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Danielle Steel

“You’re back! Or are you still on the road?” the voice said in a cheerful tone. It was her sister, Rebecca, in L.A.

“I just walked in,” Ginny said with a smile. They sent each other text messages regularly, but hadn’t spoken in a month. And she had forgotten that she’d told her when she was coming back.

“You must be exhausted,” Becky said, sounding sympathetic. She was the family nurturer, and the older sister Ginny had relied on all her life, although she hadn’t seen her now in three years. But talking to each other, e-mail when it was possible, and texting kept them close. Becky had just turned forty, and was four years older than Ginny. Becky was married, with three kids, and lived in Pasadena, and their father, with slowly but steadily developing Alzheimer’s, had lived with her for two years. Her father couldn’t live alone anymore, but neither Becky nor Ginny wanted to put him in a home. Their mother had been dead for ten years. He was seventy-two years old, but Becky said he looked a decade older since he got sick. He had worked in a bank, and retired when their mother died. He had lost his lust for life after that.

“I’m tired,” Ginny admitted, “and I hate coming back this time of year. I was hoping to be here before this and out again by now, but my replacement showed up late,” she said, closing her eyes, and fighting not to fall asleep as she listened to her sister’s voice. “I’m hoping they send me out again pretty soon, but I haven’t heard anything yet.” It cheered her up thinking that she wouldn’t be in New York for long. It wasn’t the apartment that depressed her, it was having nothing to do between assignments, and being useful to no one in New York. There was nothing she wanted to do, except leave again.

“Why don’t you relax? You just got home. And why don’t you come out here for a visit before they ship you out?” She had already asked Ginny to spend the holidays with them, but she had said no, yet again.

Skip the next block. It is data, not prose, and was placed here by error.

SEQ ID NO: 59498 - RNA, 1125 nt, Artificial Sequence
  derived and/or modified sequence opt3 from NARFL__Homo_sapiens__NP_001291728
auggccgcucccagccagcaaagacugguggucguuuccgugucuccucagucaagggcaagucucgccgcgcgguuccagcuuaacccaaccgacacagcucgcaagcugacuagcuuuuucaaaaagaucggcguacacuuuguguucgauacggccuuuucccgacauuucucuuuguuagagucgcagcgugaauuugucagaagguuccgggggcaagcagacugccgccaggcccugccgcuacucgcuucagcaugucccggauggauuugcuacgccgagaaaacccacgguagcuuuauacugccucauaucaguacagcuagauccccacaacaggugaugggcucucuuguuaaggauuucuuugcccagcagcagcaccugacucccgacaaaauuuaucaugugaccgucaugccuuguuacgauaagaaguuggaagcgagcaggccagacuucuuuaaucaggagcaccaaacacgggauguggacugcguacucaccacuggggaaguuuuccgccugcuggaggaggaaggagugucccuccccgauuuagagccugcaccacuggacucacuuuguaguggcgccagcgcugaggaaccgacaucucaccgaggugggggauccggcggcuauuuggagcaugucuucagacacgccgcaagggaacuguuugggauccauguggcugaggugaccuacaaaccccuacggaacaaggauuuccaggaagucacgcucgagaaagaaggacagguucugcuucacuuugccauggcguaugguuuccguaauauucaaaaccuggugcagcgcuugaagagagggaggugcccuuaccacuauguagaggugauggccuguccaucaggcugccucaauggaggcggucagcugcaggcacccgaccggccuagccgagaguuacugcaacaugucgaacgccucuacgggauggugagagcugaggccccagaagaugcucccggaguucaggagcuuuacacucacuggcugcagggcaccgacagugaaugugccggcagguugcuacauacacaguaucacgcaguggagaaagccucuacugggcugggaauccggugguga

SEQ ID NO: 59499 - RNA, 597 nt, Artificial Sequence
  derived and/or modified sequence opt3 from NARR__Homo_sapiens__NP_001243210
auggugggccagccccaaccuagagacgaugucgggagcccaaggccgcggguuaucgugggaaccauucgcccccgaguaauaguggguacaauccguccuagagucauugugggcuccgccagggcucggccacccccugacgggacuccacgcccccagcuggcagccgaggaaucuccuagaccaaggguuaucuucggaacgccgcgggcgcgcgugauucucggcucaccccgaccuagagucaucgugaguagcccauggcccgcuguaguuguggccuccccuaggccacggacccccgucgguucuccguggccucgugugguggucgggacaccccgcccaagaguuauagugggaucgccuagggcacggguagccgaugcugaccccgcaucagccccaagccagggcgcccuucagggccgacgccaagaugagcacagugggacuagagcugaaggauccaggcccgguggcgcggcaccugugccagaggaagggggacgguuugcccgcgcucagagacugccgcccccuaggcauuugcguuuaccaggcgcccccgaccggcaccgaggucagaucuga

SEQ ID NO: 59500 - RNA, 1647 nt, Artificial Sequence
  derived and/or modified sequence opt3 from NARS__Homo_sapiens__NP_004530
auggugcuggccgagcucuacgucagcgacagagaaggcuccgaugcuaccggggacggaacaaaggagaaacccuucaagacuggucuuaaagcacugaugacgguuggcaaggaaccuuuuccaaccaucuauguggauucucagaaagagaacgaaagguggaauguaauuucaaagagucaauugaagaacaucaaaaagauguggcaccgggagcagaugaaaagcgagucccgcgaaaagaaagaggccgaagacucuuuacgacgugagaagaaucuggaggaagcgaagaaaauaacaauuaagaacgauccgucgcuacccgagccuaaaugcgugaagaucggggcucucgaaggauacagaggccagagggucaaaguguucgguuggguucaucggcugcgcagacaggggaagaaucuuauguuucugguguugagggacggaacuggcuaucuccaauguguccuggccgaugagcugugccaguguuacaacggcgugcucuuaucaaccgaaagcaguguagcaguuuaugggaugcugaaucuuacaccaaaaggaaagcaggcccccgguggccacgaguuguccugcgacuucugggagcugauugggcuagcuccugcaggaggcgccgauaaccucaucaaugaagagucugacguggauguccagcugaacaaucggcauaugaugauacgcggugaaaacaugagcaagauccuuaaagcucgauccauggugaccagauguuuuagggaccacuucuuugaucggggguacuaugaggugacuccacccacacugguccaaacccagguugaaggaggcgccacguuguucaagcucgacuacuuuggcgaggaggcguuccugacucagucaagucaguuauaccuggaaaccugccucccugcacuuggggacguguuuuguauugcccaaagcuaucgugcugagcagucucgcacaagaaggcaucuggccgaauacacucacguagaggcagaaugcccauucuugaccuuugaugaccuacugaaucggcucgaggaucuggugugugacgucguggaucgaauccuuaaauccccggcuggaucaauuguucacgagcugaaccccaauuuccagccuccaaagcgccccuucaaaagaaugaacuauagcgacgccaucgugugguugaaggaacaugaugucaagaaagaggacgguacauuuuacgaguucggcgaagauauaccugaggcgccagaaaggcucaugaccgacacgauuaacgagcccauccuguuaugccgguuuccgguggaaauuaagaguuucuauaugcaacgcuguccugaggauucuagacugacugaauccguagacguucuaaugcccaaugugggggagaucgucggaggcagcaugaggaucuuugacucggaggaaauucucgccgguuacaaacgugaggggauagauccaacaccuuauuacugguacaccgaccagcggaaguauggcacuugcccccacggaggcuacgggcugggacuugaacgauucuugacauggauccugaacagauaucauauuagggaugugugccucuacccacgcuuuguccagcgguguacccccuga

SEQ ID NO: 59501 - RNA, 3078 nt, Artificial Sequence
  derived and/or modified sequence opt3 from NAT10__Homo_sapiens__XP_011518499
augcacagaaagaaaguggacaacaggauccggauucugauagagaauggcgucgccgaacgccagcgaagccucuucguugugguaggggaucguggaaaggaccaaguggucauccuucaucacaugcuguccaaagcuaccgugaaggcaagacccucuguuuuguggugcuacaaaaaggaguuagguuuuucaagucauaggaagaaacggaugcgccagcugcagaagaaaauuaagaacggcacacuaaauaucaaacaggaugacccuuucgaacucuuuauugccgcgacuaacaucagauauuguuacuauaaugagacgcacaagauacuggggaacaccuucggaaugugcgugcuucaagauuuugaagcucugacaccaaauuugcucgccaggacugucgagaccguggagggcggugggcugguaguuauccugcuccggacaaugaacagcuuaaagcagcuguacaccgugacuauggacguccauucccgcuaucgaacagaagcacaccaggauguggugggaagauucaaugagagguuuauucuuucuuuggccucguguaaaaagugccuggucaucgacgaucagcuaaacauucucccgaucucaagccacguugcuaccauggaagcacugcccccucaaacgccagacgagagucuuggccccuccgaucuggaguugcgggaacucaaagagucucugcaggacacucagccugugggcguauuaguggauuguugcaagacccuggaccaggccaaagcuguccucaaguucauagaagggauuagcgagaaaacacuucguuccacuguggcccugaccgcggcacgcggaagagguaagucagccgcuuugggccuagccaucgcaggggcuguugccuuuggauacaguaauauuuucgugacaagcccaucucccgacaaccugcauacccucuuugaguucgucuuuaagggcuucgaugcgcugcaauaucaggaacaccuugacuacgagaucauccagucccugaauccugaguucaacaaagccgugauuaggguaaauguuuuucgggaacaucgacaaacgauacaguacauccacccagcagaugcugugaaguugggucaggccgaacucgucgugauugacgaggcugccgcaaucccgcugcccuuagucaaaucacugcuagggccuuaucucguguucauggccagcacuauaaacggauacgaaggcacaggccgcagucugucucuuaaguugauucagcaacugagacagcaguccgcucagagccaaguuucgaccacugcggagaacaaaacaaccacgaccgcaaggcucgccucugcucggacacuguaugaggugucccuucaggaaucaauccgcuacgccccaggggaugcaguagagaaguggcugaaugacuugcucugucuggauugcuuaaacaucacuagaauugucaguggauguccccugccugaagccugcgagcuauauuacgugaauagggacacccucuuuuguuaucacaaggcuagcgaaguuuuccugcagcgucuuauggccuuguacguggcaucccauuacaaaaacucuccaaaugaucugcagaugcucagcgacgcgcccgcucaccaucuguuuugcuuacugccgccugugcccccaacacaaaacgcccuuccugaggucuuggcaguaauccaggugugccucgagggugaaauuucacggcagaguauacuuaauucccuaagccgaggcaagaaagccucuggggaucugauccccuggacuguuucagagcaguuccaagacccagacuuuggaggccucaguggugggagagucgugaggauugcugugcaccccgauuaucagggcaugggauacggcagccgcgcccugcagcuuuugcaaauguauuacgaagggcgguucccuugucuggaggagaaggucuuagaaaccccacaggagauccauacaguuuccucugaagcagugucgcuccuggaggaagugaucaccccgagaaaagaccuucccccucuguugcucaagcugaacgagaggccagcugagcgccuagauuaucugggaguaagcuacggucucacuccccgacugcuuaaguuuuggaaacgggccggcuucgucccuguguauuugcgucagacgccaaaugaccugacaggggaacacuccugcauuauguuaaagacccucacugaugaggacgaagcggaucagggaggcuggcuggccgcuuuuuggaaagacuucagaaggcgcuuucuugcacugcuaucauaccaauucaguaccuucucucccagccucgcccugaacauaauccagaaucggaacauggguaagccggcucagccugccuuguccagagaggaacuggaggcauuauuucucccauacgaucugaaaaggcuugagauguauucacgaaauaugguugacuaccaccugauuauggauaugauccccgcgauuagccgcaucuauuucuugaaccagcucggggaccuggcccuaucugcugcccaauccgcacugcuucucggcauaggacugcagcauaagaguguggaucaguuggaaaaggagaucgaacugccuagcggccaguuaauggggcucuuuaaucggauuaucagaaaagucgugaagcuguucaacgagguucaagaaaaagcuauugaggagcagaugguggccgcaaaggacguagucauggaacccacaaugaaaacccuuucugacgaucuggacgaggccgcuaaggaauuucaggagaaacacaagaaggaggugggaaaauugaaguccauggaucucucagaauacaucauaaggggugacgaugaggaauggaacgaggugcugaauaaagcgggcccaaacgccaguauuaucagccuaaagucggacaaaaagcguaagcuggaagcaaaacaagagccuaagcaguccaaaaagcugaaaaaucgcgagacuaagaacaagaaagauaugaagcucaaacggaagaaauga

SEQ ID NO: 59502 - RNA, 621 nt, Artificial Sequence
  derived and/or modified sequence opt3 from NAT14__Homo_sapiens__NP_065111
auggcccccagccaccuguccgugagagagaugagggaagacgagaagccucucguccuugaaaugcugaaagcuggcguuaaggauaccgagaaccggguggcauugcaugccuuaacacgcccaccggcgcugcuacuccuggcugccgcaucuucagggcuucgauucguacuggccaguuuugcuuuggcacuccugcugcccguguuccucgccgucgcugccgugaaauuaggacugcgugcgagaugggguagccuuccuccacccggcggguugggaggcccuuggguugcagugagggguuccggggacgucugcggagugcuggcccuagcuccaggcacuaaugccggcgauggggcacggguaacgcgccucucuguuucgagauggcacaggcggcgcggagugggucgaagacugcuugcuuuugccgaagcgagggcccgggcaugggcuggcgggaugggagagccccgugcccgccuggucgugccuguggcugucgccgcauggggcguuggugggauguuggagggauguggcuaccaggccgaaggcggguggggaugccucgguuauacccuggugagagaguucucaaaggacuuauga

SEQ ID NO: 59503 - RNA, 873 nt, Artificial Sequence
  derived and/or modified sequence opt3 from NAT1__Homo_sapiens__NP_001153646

“Yeah,” Ginny said, sounding noncommittal, as she pulled the rubber band out of her hair, and her long blonde hair cascaded down her back. She was much prettier than she knew, and didn’t care. Her looks were no longer important in her life, although they had been before, in a distant faraway time that had ceased to exist three years before.

“You should come out before Dad gets more confused,” Becky reminded her. Ginny hadn’t seen the slow but steady deterioration and didn’t realize how bad it had gotten in the last few months. “He got lost two blocks from the house the other day—one of my neighbors brought him home. He couldn’t remember where he lives. The kids try to keep an eye on him, but they forget, and we can’t watch him all the time.” Becky hadn’t worked since her second child was born. She’d had a promising career in public relations, which she gave up to raise her kids. Ginny was never sure she’d done the right thing, but Becky seemed to have no regrets. Her son and two daughters were teenagers now, and were keeping her busier than ever, although Alan was always helpful to her, and with their dad. He worked in electronics, and was an engineer, and provided Becky and their kids a solid, stable life.

“Should we get Dad a nurse, so it puts less burden on you?” Ginny asked, sounding concerned.

“He’d hate that. He still wants to feel independent. I don’t let him walk the dog anymore, though—he lost him twice. I guess it’s going to get a lot worse, and the medication isn’t helping as much as it was.” The doctors had warned them that the medication would only slow things down for a while, and after that there was nothing they could do. Ginny tried not to think about it, which was easier when she was far away. Becky lived with the realities of his situation every day, which made Ginny feel guilty, but she did try to sympathize with Becky when she called. She couldn’t go back to L.A. It would have killed her to move back. She hadn’t even been there for a visit since she left, and Becky had been amazingly understanding about it, in spite of having to deal with their father by herself. All Becky wanted now was for her sister to visit him before it was too late. She tried to convey that to Ginny without making her feel guilty or terrifying her. But the prognosis for their father was poor, the disease was progressive, and Becky could see changes in him every day, particularly in the last year.

“I’ll visit one of these days,” Ginny promised, and meant it when she said it, but they both knew it wouldn’t happen before she left on her next trip. “What about you? Are you okay?” Ginny asked her. She could hear the kids in the background—Becky didn’t have a moment to herself all day.

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